Netflix has been quite eventful this week, not only serving up a fresh lineup of movies and shows but also unveiling its plan to increase subscription rates.
Among their latest additions is Old Dads, a new American film now available for streaming on the platform.
True to its title, the movie explores the generation gap in a way that resonates with a wide audience.
The independent comedy-drama promises a provocative and raunchy ride. Interestingly, the man directing the film also stars in the lead role.
I bet you are already aware of who he is.
The movie is about a hundred minutes long in duration. Keep reading for my review.
Old Dads Synopsis
It revolves around three friends struggling to keep up with the changing cultural climate with the new generation at the helm.
Jack cannot control his mouth and temper. Connor fears his wife beyond limits. And Mike cannot commit himself to a formal, long-term relationship.
Bill Burr has directed the movie, which features him as Jack, Bobby Cannavale (Connor), Bokeem Woodbine (Mike), Katie Aselton (Leah), and Reign Edwards (Britney) in lead roles.
What Works for Old Dads?
Old Dads fearlessly throws a no-holds-barred concept onto the screen.
Its raunchy vibe comes embedded in the concept itself and the film doesn’t mince words, which is the best way to inflict transformational ideas.
Unless you completely believe that the characters are inherently wrong, you won’t want them to change.
It is this non-preachy attitude of Old Dads that propels the film forward.
Adding to its charm, the film weaves sarcasm into the narrative, and humor is ever-present, largely thanks to the well-written dialogues delivered by a stellar cast.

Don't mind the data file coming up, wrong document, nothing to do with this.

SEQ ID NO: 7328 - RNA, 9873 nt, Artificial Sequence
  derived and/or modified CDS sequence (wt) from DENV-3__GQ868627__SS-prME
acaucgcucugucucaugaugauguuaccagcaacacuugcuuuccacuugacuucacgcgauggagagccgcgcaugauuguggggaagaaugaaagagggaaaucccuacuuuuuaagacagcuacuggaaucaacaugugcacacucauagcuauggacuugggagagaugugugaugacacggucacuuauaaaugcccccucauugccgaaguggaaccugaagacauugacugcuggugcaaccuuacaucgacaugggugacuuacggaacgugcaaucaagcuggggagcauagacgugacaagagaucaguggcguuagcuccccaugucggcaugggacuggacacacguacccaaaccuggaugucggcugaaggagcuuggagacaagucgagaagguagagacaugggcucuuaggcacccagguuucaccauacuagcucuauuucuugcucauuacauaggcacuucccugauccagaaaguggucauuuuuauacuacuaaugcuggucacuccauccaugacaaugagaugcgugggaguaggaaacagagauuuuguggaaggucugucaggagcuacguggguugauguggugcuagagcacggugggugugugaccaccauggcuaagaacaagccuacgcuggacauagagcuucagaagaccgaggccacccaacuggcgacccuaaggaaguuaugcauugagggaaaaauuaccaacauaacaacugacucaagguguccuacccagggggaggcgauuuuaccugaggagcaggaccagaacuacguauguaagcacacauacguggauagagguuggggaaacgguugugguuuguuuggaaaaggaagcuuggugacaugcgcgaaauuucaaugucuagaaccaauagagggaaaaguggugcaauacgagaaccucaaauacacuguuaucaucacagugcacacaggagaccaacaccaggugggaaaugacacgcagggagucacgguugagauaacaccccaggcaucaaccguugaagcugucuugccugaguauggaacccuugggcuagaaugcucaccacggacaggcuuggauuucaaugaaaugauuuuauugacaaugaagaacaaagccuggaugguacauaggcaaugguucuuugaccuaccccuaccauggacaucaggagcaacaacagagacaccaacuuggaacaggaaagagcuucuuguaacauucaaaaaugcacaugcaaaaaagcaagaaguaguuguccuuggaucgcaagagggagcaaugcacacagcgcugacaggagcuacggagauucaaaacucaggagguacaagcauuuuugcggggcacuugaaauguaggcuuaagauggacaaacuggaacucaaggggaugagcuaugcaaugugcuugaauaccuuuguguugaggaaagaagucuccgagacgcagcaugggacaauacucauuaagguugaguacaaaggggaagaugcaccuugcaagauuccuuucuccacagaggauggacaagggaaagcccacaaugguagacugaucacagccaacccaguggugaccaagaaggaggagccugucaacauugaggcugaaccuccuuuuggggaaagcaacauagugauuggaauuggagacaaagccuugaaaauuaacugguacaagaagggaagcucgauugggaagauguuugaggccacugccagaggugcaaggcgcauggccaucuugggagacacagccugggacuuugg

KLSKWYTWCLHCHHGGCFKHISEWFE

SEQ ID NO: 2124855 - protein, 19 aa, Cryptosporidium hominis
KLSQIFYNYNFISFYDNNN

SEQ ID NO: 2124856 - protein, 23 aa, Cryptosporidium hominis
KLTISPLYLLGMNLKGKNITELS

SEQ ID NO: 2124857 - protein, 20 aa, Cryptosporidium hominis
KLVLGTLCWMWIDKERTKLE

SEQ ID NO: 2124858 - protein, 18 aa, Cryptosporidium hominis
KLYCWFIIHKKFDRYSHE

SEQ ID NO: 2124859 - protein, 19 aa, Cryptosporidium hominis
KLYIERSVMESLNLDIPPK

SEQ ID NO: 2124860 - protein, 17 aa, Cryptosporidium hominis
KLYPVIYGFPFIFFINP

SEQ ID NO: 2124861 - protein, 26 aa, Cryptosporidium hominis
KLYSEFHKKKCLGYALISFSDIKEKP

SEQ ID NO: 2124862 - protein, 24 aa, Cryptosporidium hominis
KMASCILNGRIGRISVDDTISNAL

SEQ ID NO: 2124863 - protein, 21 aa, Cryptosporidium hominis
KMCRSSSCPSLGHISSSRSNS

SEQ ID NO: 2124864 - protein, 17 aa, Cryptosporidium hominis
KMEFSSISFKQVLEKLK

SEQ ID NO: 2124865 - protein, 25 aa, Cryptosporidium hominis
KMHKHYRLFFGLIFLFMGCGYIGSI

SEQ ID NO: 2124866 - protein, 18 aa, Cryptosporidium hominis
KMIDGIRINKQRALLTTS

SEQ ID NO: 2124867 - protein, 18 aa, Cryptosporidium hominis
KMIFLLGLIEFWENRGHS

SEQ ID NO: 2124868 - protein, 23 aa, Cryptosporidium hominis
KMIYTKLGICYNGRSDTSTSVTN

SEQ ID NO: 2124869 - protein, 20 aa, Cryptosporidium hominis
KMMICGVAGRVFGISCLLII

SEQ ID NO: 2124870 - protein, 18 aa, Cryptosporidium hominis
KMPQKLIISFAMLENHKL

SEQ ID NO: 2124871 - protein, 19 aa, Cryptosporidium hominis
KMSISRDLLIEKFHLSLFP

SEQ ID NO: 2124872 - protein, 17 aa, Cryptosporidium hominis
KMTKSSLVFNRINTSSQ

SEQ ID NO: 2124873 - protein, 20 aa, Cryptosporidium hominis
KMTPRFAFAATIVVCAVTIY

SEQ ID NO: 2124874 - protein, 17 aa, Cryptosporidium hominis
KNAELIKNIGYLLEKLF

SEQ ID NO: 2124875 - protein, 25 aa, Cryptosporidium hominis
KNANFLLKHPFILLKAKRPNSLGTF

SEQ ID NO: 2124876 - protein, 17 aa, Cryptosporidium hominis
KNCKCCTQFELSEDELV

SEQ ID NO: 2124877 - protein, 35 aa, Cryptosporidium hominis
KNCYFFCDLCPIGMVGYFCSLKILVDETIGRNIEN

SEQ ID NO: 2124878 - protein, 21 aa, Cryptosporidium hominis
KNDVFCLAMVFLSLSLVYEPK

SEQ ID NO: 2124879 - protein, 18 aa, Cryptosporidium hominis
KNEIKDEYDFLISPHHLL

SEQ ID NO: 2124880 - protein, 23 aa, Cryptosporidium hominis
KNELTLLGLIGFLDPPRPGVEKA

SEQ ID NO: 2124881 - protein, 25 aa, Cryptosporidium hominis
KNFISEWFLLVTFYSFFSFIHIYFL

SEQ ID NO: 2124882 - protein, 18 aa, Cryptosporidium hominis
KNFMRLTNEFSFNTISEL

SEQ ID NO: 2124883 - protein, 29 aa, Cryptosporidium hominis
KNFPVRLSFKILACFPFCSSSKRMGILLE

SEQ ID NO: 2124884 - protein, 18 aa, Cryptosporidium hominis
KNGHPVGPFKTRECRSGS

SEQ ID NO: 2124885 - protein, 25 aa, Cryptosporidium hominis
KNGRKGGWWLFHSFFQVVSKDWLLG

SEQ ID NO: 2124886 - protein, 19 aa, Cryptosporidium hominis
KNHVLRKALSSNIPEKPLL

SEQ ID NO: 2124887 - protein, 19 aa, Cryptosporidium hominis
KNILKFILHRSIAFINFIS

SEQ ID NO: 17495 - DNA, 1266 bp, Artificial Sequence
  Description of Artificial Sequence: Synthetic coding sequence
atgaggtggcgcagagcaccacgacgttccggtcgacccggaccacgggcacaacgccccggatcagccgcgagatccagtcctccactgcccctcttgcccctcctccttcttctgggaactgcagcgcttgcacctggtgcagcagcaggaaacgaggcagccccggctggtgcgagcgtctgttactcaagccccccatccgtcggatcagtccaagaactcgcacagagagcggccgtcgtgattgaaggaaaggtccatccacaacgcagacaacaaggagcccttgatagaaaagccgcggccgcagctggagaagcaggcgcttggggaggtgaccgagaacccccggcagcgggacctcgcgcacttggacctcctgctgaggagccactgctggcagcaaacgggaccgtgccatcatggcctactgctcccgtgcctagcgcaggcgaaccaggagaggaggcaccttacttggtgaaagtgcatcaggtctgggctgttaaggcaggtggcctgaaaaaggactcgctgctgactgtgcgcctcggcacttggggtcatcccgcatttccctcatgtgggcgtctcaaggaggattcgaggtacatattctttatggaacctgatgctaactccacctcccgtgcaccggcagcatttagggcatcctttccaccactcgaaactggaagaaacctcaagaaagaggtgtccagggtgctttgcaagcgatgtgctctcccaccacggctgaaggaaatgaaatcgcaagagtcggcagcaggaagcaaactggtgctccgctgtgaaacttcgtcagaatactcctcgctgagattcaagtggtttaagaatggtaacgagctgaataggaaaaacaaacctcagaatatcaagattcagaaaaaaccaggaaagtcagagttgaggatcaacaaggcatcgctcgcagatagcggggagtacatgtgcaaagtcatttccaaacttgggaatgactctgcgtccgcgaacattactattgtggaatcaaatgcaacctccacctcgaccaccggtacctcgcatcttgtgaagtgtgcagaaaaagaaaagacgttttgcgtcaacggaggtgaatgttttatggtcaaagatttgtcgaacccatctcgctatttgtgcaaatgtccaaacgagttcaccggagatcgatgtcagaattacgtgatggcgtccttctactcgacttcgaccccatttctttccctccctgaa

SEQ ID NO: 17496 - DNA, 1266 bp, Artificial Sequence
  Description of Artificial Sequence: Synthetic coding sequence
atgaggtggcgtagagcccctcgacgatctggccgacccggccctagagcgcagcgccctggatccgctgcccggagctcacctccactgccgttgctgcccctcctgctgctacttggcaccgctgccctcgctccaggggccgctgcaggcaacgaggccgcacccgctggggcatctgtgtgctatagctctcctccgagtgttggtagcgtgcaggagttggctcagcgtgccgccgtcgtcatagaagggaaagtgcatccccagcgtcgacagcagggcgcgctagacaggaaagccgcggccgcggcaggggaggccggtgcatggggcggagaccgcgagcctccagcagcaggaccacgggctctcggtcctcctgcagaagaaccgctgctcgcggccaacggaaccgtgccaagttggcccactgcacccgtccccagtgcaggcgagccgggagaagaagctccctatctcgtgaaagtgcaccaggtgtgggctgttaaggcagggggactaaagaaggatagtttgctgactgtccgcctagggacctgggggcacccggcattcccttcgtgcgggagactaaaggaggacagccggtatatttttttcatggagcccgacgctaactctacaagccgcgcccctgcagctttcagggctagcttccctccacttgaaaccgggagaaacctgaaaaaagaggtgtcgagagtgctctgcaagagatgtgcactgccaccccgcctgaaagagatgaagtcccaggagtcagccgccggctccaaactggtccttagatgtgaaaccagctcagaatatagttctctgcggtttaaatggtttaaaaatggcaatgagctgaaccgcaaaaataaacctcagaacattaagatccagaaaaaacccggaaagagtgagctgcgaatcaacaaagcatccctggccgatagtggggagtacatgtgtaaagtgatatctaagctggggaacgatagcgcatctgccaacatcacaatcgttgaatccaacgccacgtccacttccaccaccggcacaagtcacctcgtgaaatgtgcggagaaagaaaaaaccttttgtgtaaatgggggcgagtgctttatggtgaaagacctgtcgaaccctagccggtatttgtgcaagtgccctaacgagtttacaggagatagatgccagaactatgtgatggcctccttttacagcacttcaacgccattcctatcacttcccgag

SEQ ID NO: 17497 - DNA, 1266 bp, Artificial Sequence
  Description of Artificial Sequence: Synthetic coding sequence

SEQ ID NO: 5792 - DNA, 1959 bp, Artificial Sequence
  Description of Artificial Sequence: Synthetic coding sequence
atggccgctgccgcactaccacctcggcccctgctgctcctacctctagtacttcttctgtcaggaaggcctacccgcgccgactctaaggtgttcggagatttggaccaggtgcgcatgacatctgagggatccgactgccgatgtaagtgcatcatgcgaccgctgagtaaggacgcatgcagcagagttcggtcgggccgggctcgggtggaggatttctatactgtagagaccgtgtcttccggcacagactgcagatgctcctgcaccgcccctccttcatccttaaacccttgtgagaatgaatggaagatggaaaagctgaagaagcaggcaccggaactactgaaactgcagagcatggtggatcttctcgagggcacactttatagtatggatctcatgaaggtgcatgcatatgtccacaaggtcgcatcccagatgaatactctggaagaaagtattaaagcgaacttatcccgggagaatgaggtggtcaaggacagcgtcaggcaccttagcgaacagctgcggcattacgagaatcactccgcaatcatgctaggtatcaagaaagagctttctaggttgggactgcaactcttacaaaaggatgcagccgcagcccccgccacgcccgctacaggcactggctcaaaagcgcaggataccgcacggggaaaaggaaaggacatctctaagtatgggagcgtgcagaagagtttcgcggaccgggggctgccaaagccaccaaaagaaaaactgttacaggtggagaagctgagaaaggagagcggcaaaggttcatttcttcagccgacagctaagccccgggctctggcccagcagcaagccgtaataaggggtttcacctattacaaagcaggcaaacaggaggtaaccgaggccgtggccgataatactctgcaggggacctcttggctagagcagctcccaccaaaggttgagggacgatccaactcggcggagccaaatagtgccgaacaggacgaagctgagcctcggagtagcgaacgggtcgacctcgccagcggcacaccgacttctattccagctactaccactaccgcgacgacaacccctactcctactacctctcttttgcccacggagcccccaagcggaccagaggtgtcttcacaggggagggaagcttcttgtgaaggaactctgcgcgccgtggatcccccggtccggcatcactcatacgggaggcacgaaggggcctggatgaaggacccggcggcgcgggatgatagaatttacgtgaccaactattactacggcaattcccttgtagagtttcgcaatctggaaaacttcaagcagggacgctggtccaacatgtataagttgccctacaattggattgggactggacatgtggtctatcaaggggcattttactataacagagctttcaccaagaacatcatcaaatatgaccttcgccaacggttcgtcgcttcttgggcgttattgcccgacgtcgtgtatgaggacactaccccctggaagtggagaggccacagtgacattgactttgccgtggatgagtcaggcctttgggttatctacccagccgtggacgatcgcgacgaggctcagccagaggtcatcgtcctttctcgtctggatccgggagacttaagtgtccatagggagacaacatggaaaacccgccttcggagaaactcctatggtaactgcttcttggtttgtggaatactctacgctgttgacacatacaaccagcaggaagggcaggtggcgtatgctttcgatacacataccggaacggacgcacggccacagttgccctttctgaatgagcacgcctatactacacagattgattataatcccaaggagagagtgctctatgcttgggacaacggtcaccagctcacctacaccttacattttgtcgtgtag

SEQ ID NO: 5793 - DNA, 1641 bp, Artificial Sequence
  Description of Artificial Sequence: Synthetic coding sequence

While situational comedy isn’t a dominant feature, the movie isn’t shy of employing some cheeky puns.
Contradictory features of the story are essentially the only likable aspects. They offer a likable complexity amid an otherwise straightforward storyline.
On the emotional front, the bonhomie and camaraderie of three friends come alive on the screen.
Their bond touches your heart on several occasions.
Additionally, be it Cara’s parenting methods or Aspen’s leadership tactics, Old Dads tries to reflect modern society’s hypocrisy in some or the other manner.
Lastly, the length of Old Dads gives you one more reason to consider giving it a watch.
How are the Performances?
In Old Dads, Bill Burr takes center stage as Jack and his performance is tightly knit into the fabric of the film.
His facial expressions, ever-adapting to the changing narrative, are remarkably detailed.
Burr’s adept handling of high-pressure situations is commendable, and his ad-libs bring an added layer of authenticity to the movie.
Bobby Cannavale plays Connor and he wins you over in a funny yet held-back outing. His screen presence is so fulfilling that even a single punchline can make a huge impact.
His portrayal of a husband haunted by his wife’s wrath is convincing and refreshingly understated.
In my view, Bobby’s effortless act stands out as the highlight among the cast.
Bokeem Woodbine steps into the role of Mike in Old Dads, and although his screen time is limited, he maximizes the impact of his character.
This conciseness in his presence seems fitting, considering the nature of his character.
Katie Aselton and Reign Edwards do their jobs pretty well. The roles assigned to them are honestly put to play by the two delightful actresses.
What Doesn’t Work for Old Dads?
Old Dads stays true to its core narrative. If that’s the only criteria you deploy to judge the movie, it wouldn’t attract many flaws.
However, on the flipside, I felt the comedy was not as sturdy as it should have been. And this is regardless of the cringey ways the makers choose to evoke fun.
Also, the characters have been reduced to nothing but their age. Old Dads ignores the other sides like intellect, presence of mind, perspective balance, etc.
Stream or Skip?
You can certainly give it a watch unless you’re anticipating a comedy that will have you rolling with laughter.